Kaleidoscopic, in its debut year, is a festival dedicated to adaptations, and what greater adaptation is there at the moment than the massively popular Sherlock? Now, as the many people I’ve ranted too can attest to, I wasn’t the series’ greatest fan, but, I am certainly in a minority, and it made listening to the fascinating production process of the series no less interesting.
Speaking to an understandably full house, Sue Vertue and Steven Moffat shed light on the genesis of what looks set to be yet another dramatic success for the BBC. What became apparent was the great love for the source material on the part of Moffat and fellow series writer Mark Gatiss, and the incredible team-leading skills of Vertue. Although I had the occasional moment of disagreement – girls do read Sherlock Holmes (see The Adventuresses of Sherlock Holmes) – there was no faulting the direction the team behind Sherlock was coming from in making the series. To hear Moffat talk of his favourite Holmes (Rathbone) and emphasise the stories’ humour was certainly refreshing.
Equally as refreshing was the importance given to the results of a focus group conducted with the un-aired 60-minute pilot episode, which revealed interesting expectations from the audience: Moriarty, and drugs. It’s testament to the power of previous adaptations that what are really minor elements of Conan Doyle’s stories have become so associated with the detective. It’s perhaps a sign of a culture of ‘origin stories’ and reboots (Bond, Batman) that the two most recent adaptations of Conan Doyle’s characters – the BBC series and the Guy Ritchie film – have chosen forego the usual iconography of Sherlock Holmes and to return to the source text. That Moriarty is still so prominent is testament to what a memorable character Conan Doyle created in the first place.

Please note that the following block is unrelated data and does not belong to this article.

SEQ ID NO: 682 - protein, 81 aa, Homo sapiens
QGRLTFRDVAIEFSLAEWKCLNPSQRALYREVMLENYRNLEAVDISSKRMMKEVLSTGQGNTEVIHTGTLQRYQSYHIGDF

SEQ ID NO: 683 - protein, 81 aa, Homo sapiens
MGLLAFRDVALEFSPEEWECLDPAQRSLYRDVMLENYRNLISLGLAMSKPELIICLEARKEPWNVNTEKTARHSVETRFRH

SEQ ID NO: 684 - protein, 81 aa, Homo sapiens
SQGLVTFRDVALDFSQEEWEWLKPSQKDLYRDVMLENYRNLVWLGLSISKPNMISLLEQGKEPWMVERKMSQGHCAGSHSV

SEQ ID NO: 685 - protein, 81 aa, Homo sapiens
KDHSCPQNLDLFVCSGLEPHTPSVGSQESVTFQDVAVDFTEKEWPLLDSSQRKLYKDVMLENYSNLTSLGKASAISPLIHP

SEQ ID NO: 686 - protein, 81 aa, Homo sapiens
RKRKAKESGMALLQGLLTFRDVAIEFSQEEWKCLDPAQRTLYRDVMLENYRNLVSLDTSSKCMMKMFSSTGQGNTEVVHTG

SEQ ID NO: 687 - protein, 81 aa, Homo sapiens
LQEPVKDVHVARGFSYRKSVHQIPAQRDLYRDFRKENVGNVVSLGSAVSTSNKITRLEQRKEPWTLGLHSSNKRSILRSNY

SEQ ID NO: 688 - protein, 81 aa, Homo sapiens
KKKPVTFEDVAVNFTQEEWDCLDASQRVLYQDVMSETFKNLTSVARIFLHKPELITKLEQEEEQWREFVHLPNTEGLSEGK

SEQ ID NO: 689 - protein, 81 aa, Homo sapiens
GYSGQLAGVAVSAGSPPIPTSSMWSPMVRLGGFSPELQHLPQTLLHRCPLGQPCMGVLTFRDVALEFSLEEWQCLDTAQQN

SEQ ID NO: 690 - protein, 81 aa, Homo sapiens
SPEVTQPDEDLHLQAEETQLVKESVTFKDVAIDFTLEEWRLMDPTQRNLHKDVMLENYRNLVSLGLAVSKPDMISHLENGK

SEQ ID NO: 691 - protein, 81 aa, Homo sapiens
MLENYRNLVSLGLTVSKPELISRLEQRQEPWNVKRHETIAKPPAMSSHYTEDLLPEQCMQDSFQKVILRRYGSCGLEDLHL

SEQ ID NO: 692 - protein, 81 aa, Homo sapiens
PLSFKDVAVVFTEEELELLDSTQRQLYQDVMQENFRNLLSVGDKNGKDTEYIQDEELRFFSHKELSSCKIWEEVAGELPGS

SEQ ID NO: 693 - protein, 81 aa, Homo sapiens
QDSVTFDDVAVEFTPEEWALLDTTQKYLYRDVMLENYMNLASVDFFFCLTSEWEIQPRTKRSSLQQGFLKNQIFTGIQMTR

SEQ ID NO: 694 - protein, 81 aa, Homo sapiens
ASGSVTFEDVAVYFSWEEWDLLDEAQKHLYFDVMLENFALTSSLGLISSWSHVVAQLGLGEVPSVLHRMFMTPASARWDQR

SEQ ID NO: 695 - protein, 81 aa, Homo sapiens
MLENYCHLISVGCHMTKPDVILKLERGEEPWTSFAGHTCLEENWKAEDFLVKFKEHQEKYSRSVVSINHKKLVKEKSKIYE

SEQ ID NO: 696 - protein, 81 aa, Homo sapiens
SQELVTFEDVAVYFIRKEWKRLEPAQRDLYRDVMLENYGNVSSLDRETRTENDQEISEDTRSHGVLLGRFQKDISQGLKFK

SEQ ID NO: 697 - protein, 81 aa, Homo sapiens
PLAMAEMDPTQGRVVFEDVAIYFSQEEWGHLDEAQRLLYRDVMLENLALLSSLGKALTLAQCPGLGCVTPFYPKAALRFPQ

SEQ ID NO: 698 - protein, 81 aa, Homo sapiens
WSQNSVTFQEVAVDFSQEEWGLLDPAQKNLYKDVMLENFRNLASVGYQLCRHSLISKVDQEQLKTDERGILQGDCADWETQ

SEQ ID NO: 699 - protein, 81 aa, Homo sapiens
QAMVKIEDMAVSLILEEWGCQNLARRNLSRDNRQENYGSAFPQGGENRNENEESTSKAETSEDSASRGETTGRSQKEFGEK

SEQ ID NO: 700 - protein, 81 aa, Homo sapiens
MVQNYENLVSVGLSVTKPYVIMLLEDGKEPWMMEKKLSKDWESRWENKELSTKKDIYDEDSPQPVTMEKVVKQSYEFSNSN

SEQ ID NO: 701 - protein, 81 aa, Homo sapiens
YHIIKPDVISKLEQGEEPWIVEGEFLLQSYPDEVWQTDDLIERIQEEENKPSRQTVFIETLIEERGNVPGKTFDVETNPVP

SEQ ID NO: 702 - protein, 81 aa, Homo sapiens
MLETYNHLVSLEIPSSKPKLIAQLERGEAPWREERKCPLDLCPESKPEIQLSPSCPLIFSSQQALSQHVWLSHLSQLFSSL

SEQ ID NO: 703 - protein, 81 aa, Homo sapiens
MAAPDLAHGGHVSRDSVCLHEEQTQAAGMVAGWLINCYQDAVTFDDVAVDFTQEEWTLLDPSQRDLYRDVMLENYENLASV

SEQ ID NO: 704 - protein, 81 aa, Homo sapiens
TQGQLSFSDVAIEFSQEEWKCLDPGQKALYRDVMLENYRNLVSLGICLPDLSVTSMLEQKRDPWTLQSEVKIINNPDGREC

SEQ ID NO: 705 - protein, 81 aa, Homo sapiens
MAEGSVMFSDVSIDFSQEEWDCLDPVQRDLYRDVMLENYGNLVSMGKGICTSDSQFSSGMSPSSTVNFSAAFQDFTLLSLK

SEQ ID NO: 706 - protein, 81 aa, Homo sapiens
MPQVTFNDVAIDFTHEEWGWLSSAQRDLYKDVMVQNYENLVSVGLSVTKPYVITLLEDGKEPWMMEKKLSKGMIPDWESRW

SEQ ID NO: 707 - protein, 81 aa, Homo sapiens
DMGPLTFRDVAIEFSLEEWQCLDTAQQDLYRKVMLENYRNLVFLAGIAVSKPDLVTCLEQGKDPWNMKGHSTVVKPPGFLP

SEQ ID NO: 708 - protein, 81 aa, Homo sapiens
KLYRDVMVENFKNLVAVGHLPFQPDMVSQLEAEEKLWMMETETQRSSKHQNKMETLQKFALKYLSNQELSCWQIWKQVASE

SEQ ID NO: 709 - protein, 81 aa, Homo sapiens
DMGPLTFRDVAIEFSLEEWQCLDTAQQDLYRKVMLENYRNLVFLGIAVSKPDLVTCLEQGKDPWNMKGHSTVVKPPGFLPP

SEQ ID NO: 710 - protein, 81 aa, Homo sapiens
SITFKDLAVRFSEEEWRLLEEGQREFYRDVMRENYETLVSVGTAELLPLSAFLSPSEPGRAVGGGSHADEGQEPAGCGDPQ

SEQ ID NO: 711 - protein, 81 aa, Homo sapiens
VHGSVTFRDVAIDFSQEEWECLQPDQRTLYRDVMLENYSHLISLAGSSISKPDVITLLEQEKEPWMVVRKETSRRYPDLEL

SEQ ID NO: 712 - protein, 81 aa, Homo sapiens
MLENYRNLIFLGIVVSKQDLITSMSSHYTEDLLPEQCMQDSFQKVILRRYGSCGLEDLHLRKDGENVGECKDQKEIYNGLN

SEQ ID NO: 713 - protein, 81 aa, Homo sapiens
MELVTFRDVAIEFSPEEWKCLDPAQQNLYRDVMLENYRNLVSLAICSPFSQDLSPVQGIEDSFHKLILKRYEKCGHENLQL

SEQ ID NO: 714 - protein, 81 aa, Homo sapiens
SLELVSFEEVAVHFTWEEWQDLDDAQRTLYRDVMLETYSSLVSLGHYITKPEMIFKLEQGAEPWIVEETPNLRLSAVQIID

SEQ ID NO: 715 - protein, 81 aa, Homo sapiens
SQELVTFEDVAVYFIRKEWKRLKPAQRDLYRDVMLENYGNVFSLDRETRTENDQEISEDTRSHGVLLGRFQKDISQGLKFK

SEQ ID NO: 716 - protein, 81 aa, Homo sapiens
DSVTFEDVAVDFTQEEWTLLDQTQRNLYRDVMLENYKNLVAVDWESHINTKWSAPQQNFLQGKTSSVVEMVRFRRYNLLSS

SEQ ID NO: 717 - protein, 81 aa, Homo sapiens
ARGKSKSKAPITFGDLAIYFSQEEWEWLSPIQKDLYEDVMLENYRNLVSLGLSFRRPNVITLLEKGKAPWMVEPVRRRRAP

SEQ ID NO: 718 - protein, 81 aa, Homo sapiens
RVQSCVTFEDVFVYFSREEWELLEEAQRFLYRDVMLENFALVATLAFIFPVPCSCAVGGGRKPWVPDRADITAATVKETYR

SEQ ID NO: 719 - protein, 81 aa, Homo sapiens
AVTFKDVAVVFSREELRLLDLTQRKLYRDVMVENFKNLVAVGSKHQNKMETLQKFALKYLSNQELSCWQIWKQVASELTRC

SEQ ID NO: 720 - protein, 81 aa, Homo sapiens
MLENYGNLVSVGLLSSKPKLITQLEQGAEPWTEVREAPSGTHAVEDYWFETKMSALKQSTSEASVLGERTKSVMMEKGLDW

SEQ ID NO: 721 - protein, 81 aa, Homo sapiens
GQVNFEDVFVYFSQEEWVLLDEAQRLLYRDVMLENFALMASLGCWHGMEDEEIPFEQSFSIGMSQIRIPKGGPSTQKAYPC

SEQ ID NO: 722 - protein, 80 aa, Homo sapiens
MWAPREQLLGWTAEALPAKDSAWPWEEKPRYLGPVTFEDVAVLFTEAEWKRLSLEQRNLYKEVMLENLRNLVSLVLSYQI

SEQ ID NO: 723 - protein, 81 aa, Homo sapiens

A wonderful understanding of the character dynamics of Holmes and Watson was evident, with Moffat outlining that the audience has to like Watson if they’re to like Holmes – because if Watson likes such a cold, calculating bastard, then surely we can too! The various references in the series to Holmes being a psychopath neatly allow for his growth as a character, wherein, as Moffat puts it, he is humanised by a friend and ennobled by an enemy.
What’s clear is that there is a great team effort behind the series which will undoubtedly continue and improve into series two, which will consist of another three, 90-minute episodes.
Moffat seemed to believe that if you’re a fan of Conan Doyle’s stories then this is the definitive Holmes adaptation for you. I completely disagree, being a fan of the books and not a great fan of this series, but I will certainly keep watching as this series develops, as there are plenty of places this Holmes can go.
Kaleidoscopic was held at Glyndwr University, Wrexham, 9-11 September 2010. For more on Kaleidoscopic, visit http://kaleidoscopicfest.org/. Photo shamelessly stolen from Kaleidoscopic, where MORE can be found. Sherlock: The Story of a Modern-Day Adaptation was an event in association with BAFTA Cymru.